When you are asked to describe your target market, do you lead off your response with “Anyone who. . .”?
If you do, I would bet money on the fact that your coaching business won’t grow. With my first business, a computer network integrator, I used to say that we served “Anyone who had a small or medium sized business, in New Jersey, and needed computers.” Then I would be quick to blurt out, “In other words, practically everyone needs me.” Those words are the lead indicator to a struggling practice.
It is one of the paradoxes of coaching (or any business for that matter). The greater variety of people (or businesses) your coaching practice can serve, the harder it will be to grow. This is true for multiple reasons:
1. You won’t be visible to your prospects. If you market to everybody, you aren’t marketing to anybody nearly enough for them to notice. You are part of the crowd.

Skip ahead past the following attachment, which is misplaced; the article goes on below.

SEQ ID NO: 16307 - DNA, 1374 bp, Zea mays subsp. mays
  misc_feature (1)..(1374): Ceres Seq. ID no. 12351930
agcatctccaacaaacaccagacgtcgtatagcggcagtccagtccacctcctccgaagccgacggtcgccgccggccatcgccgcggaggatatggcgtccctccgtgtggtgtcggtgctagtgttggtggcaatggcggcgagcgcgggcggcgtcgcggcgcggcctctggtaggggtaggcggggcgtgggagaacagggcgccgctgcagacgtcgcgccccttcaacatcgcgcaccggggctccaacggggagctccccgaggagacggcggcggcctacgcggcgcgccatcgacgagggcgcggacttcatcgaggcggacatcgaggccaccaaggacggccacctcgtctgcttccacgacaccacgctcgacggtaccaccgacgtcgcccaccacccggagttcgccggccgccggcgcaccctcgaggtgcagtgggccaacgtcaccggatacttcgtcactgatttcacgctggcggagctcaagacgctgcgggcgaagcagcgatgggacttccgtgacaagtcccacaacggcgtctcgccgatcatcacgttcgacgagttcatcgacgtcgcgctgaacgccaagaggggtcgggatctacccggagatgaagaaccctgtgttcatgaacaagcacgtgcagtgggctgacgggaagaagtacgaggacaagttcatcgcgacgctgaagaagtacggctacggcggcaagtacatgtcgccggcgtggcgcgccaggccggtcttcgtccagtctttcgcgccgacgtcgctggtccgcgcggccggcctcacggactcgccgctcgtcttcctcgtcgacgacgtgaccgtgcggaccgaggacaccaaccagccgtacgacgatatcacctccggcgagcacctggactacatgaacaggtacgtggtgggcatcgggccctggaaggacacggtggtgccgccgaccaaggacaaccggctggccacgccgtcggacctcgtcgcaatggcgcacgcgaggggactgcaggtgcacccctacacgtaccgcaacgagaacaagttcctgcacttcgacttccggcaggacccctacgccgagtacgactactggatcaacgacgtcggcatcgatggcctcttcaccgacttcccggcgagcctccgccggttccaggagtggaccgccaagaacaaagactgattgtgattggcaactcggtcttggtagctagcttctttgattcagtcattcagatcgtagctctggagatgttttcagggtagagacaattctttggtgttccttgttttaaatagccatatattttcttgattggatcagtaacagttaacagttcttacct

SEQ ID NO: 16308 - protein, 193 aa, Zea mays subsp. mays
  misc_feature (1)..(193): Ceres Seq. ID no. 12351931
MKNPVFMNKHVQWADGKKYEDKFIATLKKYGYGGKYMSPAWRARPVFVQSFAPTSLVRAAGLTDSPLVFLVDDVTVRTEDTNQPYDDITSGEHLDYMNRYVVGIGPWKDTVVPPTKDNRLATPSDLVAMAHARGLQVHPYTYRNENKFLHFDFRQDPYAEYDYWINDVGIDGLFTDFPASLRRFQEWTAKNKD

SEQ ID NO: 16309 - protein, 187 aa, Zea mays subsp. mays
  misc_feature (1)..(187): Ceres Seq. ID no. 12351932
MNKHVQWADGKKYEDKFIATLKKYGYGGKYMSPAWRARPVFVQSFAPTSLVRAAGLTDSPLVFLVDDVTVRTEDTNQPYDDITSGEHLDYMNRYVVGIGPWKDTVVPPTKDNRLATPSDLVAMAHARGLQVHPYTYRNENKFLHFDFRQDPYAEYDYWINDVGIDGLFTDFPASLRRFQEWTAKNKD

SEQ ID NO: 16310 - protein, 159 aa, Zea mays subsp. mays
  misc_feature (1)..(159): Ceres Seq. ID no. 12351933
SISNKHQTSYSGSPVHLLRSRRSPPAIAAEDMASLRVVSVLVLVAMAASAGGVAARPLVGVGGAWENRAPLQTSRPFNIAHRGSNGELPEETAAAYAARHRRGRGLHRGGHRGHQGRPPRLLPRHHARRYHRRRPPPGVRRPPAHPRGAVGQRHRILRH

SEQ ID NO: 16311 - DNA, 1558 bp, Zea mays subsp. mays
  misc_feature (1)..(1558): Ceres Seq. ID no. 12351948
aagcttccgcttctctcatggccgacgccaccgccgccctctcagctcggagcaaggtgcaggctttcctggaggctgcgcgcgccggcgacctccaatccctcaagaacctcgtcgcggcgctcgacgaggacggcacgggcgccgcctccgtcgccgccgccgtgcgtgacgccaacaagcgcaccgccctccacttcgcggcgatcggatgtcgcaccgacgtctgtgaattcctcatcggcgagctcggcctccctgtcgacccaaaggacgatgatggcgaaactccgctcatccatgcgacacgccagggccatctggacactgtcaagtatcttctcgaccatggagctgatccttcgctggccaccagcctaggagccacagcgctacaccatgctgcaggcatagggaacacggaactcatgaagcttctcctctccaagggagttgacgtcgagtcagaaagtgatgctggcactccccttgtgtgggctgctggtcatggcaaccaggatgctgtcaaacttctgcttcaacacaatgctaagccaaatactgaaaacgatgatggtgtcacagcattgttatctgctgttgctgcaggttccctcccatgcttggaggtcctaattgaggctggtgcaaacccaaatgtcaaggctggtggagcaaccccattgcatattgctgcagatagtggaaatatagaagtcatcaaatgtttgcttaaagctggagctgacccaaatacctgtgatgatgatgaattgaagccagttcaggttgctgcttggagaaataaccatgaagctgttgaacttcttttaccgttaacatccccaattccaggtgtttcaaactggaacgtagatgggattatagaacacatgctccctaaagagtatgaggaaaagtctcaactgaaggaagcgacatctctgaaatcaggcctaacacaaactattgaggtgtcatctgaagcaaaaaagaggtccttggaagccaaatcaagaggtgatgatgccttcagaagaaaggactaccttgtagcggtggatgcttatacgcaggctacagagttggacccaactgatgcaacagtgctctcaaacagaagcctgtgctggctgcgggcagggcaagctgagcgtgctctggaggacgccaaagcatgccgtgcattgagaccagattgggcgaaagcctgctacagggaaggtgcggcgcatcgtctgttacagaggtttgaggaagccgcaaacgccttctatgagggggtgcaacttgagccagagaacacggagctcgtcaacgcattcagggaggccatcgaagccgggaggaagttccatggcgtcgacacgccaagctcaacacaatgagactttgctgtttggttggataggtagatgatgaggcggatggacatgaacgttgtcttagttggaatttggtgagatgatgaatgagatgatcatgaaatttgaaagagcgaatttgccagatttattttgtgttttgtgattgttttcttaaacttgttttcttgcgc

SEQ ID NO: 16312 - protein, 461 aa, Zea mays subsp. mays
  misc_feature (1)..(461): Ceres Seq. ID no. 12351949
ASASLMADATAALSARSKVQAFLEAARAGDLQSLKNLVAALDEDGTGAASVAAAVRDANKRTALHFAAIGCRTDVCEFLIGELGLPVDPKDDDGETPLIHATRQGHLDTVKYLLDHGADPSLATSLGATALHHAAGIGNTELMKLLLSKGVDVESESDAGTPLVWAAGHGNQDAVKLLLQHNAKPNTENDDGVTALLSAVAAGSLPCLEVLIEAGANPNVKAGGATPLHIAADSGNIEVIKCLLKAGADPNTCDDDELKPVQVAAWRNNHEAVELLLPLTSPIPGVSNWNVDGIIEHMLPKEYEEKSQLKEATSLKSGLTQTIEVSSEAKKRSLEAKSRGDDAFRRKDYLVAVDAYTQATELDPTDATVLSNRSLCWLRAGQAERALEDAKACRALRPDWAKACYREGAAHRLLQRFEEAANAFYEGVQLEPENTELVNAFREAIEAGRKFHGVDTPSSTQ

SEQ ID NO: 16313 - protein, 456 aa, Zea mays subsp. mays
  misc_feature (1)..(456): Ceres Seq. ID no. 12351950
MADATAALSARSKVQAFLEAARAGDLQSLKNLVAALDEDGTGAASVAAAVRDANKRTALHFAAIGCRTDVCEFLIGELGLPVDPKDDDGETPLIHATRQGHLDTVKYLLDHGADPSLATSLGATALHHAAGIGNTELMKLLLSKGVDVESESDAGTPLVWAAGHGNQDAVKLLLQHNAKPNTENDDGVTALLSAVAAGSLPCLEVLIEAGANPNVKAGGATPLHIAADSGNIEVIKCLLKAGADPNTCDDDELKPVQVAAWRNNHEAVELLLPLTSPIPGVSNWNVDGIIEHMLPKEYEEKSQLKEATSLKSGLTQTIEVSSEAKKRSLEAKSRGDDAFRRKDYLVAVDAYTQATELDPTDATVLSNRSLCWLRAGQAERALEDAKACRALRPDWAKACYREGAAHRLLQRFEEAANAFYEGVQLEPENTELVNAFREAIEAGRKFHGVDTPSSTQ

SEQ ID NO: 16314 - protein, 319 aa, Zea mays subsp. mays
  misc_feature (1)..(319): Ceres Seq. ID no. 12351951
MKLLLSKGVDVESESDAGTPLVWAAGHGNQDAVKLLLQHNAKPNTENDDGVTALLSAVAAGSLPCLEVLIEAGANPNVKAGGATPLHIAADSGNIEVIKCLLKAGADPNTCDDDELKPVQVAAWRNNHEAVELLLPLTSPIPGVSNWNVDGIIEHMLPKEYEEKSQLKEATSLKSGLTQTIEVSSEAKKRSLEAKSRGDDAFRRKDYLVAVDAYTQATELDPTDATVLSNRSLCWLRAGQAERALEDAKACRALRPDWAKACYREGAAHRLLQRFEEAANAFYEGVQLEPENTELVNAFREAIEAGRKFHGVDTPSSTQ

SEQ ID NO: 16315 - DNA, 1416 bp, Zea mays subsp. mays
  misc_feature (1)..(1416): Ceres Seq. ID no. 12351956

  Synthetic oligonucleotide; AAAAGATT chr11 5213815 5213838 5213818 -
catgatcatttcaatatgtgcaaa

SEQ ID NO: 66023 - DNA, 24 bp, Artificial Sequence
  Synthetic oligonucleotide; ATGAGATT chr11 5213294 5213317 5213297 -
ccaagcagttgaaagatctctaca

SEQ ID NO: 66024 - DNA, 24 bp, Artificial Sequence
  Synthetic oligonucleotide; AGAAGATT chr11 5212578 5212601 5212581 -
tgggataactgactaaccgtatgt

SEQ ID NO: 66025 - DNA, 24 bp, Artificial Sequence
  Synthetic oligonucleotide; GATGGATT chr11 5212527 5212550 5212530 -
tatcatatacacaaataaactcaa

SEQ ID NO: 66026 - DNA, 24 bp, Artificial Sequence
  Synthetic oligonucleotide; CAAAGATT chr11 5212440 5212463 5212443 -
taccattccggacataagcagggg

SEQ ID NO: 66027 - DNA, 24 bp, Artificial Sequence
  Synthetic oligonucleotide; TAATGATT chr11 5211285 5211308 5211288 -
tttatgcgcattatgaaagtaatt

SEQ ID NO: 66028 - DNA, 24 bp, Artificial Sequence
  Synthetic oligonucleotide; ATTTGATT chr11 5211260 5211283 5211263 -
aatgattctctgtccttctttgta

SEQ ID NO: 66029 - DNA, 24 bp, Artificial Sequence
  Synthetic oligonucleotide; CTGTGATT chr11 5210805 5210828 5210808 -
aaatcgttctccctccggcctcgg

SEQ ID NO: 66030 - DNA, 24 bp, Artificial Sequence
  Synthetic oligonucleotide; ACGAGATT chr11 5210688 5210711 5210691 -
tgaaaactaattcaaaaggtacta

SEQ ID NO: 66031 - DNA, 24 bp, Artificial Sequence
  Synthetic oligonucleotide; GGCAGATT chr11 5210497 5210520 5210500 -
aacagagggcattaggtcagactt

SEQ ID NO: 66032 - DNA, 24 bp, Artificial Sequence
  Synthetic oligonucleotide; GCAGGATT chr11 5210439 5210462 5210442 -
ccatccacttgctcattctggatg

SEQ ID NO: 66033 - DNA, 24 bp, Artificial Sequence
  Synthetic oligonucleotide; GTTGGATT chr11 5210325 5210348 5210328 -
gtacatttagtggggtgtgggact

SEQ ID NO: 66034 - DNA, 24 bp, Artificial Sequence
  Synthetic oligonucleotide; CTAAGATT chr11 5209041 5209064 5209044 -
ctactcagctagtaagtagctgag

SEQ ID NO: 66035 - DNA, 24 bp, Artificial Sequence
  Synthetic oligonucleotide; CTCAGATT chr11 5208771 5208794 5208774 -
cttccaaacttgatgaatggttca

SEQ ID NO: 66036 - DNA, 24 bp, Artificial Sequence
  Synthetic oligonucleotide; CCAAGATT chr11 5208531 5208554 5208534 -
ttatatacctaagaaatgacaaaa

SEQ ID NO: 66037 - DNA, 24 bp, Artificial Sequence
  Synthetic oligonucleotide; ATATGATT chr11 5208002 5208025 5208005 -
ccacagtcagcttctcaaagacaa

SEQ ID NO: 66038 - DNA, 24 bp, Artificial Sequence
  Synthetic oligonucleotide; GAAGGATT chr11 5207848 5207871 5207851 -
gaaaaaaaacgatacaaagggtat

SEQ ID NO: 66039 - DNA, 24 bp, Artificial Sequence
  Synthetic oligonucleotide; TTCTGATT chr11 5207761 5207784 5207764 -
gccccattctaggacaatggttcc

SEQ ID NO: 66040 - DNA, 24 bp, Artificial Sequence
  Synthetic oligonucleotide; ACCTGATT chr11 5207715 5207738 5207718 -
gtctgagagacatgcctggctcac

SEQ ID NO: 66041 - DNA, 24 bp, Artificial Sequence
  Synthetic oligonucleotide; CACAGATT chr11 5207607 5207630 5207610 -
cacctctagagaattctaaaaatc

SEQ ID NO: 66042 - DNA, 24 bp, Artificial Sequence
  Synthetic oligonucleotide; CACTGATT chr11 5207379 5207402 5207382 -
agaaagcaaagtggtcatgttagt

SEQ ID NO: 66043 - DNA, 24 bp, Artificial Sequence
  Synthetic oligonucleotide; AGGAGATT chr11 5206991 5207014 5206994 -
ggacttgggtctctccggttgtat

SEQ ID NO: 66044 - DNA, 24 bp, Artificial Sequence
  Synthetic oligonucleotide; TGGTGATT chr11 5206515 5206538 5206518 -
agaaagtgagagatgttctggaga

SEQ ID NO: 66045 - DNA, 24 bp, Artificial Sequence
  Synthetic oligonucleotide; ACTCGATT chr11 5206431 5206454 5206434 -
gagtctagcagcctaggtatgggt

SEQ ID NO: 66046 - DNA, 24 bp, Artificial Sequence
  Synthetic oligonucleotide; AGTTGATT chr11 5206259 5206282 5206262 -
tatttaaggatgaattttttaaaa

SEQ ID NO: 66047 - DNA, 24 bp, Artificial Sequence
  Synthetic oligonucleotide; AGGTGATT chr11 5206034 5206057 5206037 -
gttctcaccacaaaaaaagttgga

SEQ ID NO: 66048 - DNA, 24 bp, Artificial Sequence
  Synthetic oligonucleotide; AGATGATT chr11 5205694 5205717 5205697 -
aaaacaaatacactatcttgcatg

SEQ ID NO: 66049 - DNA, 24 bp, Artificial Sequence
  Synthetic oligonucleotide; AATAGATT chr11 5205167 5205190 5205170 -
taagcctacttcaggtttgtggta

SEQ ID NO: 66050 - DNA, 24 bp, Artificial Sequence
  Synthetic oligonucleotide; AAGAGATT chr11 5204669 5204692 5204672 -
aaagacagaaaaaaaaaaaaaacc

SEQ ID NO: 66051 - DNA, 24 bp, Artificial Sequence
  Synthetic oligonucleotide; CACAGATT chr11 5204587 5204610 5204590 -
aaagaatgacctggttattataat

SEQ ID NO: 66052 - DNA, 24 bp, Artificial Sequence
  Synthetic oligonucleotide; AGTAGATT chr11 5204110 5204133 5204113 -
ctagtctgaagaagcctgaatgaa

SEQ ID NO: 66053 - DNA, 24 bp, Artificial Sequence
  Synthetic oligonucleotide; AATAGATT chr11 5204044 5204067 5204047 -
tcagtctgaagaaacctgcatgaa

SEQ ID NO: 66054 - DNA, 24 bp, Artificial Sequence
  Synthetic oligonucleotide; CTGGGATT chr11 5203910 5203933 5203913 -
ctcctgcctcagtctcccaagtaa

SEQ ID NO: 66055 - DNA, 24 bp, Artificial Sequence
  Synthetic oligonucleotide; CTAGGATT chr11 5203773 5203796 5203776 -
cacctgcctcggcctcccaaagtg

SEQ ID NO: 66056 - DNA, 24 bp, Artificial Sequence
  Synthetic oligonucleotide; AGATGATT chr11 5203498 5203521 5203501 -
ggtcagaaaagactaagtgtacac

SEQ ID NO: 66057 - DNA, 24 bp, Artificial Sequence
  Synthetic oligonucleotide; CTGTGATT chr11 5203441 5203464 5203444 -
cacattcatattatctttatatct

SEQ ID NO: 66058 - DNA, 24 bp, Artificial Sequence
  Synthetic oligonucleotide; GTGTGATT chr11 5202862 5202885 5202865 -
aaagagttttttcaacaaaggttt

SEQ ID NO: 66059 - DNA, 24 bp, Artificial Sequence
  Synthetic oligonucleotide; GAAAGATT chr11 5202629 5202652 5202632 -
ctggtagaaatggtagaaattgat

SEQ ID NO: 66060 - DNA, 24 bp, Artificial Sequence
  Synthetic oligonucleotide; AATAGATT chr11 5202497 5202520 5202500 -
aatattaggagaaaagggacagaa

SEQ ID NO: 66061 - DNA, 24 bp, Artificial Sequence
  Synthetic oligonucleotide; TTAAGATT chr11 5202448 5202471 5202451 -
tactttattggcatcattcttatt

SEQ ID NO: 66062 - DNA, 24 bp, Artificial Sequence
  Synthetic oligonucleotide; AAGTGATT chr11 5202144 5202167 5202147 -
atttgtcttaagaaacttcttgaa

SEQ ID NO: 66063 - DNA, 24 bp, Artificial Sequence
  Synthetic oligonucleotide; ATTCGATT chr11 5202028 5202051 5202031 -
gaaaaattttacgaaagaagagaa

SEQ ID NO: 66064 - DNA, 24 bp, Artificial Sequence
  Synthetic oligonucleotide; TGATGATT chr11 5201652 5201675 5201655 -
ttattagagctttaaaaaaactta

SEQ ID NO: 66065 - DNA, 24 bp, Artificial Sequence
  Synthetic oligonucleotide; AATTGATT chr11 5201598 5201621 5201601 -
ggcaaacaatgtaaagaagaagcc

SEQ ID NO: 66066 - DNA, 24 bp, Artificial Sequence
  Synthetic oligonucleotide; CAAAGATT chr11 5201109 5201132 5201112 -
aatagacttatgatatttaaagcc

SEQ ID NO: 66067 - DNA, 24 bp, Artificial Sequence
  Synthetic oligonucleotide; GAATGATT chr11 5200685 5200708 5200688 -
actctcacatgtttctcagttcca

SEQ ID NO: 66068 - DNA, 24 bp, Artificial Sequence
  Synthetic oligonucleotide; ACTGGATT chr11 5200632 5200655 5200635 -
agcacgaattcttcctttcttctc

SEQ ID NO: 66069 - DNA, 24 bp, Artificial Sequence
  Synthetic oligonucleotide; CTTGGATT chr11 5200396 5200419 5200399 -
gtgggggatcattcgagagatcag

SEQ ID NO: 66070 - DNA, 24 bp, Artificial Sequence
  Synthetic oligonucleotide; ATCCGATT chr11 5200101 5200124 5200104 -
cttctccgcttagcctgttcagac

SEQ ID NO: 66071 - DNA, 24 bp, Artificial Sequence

2. Your coaching practice won’t build expertise. You may think your business has a wealth of expertise, but it is unlikely. Expertise happens at the final 1% of ability. If your business can serve “anyone who” it has built skills and competence, but not expertise. Expertise only happens when you know your customer ten times better than they know themselves.
3. You will drain your marketing budget (if you have one). The greater the variety of people or businesses you try to serve, the more you need to spend marketing to that broad base. And, if you don’t have a marketing budget, you are likely investing your time, your partners’ time and your employees’ time in getting out there and networking. That is the most costly form of advertising.
If you catch yourself saying you can sell to, service, deliver to, care for, cater to, lease to, rent to, “anyone who (fill in the blank)”, realize you are in the oldest growth trap in the coaching business book. Take the time to identify and serve the niche of your best clients only. Then spend all your time there. Your chances for growth have improved one hundred fold.